Have you ever done the the Galibier in March while the forecasts are telling you it’s heavily snowing in the Alps and every ski fanatic is going crazy on the pistes? Last fridaynight after I finished work I climbed the Galibier from the southside!
After a hard day of work it’s always good to free your mind. So together with a colleague of mine I went to a gym that had a special RPM event: climbing the Galibier. A big videoscreen placed right in front of the RPM bicycles and a video taken from a motorbike had to give us the idea we were climbing the Galibier. It was a nice change doing a RPM training like this because the scenery was beautifull. But the music, oh my god the music. The music was selected especially for this film and it was so incredibly booooring, so.. not inspiring. Music is an important part of RPM, there is not much else then the music that will take your mind of the dull and contiguous cycling while staying in exactly the same place, not moving one millimeter, not seeing some great views or feeling the wind in your hair. It can really motivate you and make the RPM sessions more “funky”. And we were definitely not swinging up the Alpe on some groovy tunes here. A little dissapointing also was the fact that we (the film) did not reach the top, it went through the tunnel. The road to the top was probably still closed because it was filmed early in the spring, I think in 2004 or 2005. And the guy who lead the RPM session was so dull, and he did not know where the end of the movie was so he was somewhat surprised when we were finished going uphill. Normally you build up your race to a climax, no climax this time. Also the Queen song “We Are The Champions” that was supposed to lead us to the top (yawn, yawn) finished at least one minute to soon. Yes, you could say I am a little sensitive when it comes to music.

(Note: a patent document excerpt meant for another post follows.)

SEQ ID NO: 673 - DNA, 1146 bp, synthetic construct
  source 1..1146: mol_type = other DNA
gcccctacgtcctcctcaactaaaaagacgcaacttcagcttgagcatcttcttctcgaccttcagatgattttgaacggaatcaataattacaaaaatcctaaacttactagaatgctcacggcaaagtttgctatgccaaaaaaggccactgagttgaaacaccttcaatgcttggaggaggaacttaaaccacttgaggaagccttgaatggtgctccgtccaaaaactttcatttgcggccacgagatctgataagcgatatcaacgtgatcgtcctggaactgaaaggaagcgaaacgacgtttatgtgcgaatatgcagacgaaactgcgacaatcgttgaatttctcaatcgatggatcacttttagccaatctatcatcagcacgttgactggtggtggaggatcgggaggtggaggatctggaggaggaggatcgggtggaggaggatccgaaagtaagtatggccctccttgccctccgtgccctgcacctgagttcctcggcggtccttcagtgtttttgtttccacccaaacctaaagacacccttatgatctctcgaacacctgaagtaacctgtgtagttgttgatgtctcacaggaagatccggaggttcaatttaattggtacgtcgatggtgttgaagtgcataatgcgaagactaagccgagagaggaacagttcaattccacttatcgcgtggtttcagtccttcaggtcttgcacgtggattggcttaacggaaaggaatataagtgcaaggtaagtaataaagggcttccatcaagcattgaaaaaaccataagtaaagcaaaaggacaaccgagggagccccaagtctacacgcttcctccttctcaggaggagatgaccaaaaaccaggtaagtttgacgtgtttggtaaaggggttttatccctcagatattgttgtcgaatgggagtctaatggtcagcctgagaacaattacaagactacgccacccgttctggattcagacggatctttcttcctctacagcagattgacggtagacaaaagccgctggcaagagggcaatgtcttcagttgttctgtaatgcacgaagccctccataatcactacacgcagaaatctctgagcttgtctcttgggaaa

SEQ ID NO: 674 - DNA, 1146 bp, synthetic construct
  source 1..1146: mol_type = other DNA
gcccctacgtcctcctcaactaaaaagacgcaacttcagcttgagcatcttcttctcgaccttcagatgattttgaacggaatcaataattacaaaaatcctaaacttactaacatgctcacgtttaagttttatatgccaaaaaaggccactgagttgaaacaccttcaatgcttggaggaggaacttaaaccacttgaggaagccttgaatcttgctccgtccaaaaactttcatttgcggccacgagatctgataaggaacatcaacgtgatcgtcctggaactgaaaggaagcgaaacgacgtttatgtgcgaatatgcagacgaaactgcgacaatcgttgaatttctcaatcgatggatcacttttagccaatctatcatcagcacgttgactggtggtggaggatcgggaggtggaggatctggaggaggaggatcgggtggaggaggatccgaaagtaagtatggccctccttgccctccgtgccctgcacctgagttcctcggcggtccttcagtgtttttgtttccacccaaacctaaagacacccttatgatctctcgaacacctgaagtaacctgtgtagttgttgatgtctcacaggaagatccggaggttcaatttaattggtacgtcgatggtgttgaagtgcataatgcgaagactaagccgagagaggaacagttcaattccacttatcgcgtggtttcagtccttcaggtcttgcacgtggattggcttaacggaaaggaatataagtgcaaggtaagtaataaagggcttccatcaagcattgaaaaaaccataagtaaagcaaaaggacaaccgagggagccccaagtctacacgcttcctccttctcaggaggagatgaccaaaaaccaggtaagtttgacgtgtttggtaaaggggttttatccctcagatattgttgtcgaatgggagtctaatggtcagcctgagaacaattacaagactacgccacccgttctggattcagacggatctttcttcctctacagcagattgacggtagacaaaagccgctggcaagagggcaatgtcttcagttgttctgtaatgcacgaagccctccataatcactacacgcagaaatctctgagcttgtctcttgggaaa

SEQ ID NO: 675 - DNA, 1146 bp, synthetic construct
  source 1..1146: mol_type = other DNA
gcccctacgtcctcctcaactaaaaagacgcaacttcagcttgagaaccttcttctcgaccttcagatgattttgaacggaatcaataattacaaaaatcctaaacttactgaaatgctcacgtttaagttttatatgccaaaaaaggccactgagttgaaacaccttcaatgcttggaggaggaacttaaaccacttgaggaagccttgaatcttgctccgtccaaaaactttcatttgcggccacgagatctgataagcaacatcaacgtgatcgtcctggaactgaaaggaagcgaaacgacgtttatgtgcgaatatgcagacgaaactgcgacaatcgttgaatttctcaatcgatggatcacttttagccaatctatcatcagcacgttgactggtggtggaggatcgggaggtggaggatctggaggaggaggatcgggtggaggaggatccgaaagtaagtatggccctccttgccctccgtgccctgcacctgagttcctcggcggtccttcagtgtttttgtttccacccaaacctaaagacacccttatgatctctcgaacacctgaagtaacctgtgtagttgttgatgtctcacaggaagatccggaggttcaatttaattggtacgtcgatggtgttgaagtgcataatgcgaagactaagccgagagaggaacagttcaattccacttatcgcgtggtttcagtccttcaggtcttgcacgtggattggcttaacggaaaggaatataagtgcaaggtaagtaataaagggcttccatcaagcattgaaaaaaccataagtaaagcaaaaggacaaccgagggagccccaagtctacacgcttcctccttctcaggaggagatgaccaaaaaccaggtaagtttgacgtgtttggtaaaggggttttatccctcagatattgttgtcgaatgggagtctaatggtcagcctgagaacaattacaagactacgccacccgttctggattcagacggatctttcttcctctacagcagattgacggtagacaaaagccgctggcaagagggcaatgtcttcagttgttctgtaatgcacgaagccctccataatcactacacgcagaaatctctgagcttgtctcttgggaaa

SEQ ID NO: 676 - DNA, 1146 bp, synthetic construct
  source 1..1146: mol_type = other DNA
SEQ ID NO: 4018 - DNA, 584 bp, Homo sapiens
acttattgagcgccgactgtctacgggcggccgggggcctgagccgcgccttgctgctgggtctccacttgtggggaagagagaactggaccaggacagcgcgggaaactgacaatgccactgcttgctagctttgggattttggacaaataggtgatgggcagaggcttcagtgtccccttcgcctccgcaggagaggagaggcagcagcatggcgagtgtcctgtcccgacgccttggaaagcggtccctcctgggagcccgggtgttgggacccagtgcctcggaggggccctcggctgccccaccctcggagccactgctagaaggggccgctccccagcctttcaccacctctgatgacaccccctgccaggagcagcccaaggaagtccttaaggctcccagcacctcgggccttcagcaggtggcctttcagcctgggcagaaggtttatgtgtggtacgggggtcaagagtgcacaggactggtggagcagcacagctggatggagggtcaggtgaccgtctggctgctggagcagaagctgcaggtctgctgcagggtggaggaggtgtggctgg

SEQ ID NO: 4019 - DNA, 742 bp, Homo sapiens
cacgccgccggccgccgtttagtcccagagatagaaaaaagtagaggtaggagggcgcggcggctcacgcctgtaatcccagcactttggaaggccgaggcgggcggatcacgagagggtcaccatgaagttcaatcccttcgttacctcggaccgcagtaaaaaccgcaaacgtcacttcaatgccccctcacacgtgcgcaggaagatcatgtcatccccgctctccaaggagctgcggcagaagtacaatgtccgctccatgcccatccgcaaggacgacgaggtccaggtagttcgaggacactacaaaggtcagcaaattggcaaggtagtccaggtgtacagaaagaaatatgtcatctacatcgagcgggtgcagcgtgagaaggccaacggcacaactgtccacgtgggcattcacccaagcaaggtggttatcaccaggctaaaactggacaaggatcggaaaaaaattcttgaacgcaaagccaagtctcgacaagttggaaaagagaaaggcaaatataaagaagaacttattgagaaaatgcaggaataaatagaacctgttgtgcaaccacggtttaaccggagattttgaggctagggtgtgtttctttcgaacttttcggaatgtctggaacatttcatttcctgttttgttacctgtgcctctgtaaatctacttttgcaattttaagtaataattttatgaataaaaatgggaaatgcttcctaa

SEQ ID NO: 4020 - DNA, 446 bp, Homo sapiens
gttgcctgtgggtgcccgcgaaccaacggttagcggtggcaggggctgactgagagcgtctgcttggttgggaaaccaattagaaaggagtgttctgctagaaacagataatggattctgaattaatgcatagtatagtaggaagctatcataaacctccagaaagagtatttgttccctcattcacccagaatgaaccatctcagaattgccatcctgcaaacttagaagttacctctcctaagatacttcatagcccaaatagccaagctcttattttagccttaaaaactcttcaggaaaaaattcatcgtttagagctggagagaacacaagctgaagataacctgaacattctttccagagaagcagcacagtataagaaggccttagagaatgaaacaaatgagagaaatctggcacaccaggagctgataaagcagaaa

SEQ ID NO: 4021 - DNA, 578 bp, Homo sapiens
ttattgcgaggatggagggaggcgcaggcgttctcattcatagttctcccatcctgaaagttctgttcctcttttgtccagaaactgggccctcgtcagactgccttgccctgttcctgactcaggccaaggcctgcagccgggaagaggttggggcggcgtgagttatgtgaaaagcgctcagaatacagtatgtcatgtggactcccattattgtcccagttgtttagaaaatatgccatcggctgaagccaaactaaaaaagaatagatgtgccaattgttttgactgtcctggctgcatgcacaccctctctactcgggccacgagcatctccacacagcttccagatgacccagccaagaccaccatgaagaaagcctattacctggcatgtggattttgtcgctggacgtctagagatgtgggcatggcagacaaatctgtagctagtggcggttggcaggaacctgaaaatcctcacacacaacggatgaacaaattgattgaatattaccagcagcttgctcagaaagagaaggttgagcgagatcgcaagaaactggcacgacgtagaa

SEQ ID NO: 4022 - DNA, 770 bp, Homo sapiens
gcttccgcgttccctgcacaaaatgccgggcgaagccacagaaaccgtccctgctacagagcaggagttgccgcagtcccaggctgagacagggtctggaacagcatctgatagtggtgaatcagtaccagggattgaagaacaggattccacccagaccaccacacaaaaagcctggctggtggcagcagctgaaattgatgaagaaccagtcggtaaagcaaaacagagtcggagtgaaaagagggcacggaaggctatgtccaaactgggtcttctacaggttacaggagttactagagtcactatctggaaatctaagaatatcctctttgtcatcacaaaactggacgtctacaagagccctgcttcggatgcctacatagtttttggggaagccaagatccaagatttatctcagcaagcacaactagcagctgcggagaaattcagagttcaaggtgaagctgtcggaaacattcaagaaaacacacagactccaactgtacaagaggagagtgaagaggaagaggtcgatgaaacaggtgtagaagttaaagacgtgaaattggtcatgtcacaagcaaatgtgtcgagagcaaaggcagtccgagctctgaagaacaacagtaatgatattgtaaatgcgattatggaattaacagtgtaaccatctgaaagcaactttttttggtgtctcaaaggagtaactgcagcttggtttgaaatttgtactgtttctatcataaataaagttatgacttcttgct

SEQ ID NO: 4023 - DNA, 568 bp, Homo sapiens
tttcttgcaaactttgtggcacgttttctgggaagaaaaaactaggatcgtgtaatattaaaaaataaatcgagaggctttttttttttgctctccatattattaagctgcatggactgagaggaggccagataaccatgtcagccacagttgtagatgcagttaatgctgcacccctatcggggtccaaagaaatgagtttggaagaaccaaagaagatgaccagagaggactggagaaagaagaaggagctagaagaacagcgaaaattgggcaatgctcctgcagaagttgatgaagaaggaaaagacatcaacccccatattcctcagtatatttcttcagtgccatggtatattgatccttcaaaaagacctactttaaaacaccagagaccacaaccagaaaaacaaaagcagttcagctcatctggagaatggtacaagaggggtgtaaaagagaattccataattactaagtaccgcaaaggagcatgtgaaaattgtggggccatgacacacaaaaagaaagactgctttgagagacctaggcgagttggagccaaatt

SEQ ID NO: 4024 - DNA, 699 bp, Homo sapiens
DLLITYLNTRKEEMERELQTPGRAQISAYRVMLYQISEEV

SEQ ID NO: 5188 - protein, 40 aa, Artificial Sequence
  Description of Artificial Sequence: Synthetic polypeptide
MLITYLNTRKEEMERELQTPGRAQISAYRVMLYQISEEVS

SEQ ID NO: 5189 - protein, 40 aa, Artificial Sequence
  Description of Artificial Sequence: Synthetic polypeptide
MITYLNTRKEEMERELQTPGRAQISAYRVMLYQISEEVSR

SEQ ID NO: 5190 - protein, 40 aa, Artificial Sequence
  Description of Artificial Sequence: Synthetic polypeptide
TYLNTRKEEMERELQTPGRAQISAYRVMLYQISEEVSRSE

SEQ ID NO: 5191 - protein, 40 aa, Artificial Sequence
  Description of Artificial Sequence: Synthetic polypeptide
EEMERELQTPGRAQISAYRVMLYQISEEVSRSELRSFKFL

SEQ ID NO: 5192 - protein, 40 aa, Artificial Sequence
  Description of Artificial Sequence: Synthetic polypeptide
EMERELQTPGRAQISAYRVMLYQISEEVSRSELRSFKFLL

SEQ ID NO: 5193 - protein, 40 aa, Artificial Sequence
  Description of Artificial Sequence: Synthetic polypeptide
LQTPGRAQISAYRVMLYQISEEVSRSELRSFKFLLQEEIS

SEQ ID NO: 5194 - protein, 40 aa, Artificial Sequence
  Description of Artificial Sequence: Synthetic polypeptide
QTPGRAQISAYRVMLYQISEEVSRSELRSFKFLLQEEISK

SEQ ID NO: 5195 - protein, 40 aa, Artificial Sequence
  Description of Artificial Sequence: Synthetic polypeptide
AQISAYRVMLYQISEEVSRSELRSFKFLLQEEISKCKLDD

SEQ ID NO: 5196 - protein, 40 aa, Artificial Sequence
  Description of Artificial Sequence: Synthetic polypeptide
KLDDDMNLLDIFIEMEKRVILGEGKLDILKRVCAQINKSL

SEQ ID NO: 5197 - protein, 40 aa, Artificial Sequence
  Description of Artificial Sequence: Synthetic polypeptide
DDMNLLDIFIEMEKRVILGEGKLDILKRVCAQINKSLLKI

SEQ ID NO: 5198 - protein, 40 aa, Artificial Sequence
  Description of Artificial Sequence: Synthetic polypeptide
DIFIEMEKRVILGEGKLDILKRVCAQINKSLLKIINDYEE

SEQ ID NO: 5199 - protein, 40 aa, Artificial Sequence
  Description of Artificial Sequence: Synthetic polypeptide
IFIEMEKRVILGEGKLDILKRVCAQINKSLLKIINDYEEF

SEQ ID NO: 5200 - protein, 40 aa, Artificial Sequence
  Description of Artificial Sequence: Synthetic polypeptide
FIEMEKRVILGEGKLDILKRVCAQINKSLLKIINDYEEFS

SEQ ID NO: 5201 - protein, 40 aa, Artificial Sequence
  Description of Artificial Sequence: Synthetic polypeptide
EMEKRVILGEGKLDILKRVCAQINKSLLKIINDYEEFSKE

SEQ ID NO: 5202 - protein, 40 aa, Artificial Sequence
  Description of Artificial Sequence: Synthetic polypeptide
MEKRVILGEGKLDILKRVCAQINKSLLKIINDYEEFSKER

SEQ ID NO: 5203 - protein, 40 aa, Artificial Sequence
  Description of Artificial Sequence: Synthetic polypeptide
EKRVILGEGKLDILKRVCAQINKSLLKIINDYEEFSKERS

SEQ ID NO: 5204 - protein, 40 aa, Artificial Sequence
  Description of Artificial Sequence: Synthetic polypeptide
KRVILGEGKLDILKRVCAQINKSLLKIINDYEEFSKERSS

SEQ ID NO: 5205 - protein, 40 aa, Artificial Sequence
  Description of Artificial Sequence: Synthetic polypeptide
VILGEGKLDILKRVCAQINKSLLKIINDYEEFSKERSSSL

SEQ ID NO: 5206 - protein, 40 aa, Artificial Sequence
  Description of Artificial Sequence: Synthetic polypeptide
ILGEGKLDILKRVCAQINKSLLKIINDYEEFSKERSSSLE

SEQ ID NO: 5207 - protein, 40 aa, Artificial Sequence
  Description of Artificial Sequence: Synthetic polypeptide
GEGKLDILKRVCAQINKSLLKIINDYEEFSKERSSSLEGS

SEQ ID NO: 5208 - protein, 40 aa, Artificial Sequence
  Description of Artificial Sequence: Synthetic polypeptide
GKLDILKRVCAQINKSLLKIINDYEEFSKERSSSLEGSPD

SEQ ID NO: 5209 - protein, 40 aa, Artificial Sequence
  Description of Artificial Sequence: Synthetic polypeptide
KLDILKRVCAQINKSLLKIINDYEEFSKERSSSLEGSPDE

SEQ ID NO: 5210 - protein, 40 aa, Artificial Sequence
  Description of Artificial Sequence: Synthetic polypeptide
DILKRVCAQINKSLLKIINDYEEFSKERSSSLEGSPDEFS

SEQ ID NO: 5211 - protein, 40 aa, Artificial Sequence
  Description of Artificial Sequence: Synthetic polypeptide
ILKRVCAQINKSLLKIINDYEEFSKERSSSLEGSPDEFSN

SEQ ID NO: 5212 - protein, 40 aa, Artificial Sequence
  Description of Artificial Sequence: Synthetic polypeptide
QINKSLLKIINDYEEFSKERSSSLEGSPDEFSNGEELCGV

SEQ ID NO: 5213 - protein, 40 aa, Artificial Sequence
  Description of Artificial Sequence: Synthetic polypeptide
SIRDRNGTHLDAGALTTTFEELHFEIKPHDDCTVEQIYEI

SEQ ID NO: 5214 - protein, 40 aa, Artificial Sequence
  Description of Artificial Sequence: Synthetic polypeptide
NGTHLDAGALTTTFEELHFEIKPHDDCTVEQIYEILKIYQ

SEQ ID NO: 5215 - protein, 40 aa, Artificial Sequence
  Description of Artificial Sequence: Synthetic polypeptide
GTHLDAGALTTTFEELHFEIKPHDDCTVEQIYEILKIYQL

You wouldn’t say it after hearing my complaints, but I enjoyed it (I’m so good at seeing things in a postive way). It was fun to see that every steep turn in the film you tend to accelerate and you want to stand on the pedals. While going downhill in every bend you could see people moving their body to the left or to the right. I had a very pleasant training, and this was my 4th RPM training of the week. So after two hours of cycling we ended up in Valoire, the village between the Galibier and the Telegraph, and we took a hotel because it was getting somewhat late. And the next day we could ski and enjoy a blue sky and the sun with the knowledge that I now climbed the Galibier from both sides. Isn’t that a great way to start your weekend?!